Talk:1703: Juno

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According to it is about 600 million miles to Jupiter, and according to it is about 1.7 billion miles to Saturn. So they went the distance to Saturn but ended up in Jupiter. They must have gone i pretty long circles to go 1.7 billion miles to get 600 million miles away. Aquaplanet (talk) 14:46, 6 July 2016 (UTC)

That's 1.7 billion kilometers. They lost the Mars Climate Orbiter that way. .42 (talk) 15:38, 6 July 2016 (UTC)
Actually, the website does say Saturn is 1.7 billion miles away at its furthest, just as Jupiter is 600 million miles at its furthest. In either case, interplanetary travel isn't a matter of taking the shortest route. Yes, Juno went 1.7 billion miles to go to Jupiter (anywhere from 365 million to 600 million miles away, currently 370 million according to Google), because it was the easiest / most cost effective (in terms of fuel) way to get there. --Mr. I (talk) 15:47, 6 July 2016 (UTC)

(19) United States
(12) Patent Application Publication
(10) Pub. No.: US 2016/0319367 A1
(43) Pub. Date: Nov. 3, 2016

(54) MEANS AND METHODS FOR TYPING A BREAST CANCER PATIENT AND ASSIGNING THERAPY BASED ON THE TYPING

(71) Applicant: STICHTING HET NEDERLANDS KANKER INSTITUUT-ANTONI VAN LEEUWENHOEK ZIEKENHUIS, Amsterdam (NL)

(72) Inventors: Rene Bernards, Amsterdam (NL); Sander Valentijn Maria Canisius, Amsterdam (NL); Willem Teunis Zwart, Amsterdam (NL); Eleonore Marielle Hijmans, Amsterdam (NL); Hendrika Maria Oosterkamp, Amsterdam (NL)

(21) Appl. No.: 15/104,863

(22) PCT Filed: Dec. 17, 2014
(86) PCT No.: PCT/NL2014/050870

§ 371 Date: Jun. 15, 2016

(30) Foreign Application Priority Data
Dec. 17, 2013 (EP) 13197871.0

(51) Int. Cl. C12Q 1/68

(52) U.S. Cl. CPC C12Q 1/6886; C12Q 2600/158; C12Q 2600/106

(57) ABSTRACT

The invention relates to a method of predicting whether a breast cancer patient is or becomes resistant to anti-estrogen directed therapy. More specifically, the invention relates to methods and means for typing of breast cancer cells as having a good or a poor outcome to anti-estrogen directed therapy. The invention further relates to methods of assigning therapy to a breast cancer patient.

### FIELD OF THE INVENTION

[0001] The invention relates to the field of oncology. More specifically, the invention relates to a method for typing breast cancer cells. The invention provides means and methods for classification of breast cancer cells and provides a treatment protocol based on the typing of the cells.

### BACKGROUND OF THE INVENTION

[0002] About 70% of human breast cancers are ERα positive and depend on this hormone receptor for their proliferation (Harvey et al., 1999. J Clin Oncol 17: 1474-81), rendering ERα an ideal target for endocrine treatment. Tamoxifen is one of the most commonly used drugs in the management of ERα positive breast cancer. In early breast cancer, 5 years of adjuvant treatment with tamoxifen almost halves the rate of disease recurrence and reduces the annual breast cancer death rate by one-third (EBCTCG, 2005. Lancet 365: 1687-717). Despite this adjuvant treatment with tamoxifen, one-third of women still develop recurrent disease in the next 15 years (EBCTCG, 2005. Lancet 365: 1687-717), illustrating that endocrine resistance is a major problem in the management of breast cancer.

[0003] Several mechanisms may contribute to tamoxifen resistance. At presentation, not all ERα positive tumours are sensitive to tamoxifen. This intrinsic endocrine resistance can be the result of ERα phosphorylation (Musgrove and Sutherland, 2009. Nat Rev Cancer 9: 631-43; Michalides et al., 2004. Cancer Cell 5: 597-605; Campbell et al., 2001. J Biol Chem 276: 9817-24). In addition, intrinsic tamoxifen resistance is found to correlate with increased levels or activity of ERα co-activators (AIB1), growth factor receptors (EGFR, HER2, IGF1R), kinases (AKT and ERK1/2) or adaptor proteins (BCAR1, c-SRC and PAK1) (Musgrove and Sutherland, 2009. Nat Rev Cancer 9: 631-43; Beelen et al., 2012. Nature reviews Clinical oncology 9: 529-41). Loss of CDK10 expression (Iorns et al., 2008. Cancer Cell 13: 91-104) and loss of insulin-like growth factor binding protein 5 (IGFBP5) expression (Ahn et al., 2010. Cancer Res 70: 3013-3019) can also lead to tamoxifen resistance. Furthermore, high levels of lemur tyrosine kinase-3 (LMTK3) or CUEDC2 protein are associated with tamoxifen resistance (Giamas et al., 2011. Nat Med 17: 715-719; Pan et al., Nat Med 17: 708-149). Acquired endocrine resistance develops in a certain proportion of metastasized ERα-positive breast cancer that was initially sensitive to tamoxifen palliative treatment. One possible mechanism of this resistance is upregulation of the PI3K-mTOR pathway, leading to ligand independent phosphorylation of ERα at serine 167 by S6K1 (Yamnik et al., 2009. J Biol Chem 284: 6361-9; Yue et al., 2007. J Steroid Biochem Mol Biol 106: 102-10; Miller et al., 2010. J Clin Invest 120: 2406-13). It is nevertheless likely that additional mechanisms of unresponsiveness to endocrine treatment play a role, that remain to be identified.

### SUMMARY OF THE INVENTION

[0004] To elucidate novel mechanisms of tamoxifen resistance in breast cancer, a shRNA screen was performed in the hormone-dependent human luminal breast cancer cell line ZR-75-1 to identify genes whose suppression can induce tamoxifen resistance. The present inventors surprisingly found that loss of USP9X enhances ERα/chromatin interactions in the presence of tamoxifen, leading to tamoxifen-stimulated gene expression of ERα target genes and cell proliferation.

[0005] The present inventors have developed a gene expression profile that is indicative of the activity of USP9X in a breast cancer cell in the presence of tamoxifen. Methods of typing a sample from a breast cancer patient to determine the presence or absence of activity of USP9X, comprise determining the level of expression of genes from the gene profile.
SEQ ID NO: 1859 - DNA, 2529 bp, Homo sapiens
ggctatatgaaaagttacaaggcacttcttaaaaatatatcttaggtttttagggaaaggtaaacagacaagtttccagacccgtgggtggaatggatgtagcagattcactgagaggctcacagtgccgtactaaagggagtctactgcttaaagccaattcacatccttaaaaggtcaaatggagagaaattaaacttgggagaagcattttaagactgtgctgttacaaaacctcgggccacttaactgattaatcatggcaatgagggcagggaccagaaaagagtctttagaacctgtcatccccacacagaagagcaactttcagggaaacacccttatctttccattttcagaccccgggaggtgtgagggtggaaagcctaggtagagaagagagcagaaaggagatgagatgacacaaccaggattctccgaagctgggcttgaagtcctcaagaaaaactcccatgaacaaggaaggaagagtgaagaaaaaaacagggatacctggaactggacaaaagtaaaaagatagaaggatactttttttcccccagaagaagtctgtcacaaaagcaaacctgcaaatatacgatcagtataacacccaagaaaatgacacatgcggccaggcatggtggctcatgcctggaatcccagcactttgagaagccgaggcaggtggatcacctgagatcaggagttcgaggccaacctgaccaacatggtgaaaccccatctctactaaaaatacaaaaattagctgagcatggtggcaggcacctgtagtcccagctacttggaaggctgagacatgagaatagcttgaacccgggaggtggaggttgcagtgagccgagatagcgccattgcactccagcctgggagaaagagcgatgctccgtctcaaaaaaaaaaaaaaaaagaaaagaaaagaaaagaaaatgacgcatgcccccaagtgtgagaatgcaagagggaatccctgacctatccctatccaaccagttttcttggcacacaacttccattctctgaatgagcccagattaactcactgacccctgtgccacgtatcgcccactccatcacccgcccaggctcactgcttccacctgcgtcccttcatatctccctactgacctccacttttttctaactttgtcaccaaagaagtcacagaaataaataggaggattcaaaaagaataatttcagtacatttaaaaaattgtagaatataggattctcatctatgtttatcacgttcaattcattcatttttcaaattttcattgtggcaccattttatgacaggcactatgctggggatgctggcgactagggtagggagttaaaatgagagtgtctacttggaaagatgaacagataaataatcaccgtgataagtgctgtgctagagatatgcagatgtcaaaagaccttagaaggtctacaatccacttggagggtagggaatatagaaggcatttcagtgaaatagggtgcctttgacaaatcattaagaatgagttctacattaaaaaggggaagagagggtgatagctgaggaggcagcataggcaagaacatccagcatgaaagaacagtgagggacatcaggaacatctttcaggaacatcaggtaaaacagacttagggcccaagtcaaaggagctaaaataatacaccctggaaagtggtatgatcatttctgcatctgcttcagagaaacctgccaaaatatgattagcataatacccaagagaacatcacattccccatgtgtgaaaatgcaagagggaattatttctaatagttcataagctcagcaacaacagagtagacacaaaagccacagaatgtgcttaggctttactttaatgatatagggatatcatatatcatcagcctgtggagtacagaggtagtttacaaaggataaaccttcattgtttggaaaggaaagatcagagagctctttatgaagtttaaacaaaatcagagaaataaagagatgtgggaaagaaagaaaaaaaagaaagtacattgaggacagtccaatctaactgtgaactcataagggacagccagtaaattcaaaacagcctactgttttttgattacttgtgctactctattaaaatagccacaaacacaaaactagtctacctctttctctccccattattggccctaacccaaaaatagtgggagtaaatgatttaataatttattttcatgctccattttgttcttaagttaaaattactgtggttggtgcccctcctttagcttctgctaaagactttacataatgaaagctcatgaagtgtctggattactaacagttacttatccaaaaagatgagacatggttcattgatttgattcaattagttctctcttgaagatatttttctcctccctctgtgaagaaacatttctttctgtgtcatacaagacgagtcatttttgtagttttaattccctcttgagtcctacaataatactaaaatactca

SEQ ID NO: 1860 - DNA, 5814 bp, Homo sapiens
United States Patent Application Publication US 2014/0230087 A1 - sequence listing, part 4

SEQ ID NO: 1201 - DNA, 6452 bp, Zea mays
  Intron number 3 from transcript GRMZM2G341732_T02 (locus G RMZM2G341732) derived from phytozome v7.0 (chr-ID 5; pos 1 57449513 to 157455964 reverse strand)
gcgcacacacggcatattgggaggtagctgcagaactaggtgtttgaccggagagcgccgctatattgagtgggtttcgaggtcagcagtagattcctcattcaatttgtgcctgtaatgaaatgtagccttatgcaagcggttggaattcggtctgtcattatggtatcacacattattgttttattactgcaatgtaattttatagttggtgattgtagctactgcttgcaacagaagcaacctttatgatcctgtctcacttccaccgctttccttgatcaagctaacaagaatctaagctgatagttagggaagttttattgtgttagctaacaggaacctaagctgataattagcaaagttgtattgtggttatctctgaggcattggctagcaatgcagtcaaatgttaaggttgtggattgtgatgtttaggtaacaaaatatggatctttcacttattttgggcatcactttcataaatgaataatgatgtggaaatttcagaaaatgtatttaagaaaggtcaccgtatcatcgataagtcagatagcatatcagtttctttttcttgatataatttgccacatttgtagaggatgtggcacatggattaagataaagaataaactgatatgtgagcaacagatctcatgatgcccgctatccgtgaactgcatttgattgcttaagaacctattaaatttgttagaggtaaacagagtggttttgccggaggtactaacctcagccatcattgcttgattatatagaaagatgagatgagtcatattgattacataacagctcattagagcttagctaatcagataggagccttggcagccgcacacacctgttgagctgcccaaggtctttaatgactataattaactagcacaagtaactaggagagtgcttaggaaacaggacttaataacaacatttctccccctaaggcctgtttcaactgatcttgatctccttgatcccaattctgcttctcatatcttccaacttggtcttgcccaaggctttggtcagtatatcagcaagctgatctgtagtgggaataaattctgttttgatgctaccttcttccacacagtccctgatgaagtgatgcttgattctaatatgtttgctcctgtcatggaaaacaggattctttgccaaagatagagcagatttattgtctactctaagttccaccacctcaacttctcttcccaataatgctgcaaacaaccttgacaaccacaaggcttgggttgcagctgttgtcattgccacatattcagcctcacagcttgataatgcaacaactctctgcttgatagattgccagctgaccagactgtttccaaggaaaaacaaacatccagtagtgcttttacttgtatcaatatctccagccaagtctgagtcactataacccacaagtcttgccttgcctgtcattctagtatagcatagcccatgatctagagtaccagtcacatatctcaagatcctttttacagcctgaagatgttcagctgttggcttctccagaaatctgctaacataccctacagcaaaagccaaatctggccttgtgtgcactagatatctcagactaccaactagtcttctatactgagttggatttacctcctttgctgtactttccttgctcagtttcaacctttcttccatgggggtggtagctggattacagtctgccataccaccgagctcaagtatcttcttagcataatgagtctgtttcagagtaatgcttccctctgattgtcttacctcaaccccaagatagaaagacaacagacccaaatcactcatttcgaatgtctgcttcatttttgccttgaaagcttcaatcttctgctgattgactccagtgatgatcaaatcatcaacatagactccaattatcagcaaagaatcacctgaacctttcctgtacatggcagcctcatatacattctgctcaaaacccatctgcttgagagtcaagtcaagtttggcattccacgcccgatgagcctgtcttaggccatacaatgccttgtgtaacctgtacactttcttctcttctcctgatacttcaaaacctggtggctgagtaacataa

Jupiter is actually 872 million km away right now, which just happens to be roughly the current distance to Saturn if kilometers are confused with miles. .42 (talk) 16:18, 6 July 2016 (UTC)

Of course anyone who has bought a used car off Autotrader will know that how far away something is doesn't necessarily correlate particularly well to how far you have to go to get there 14:57, 6 July 2016 (UTC)

Several sources have reported that Juno arrived at its Jupiter orbit 1 second off schedule -- 15:33, 6 July 2016 (UTC)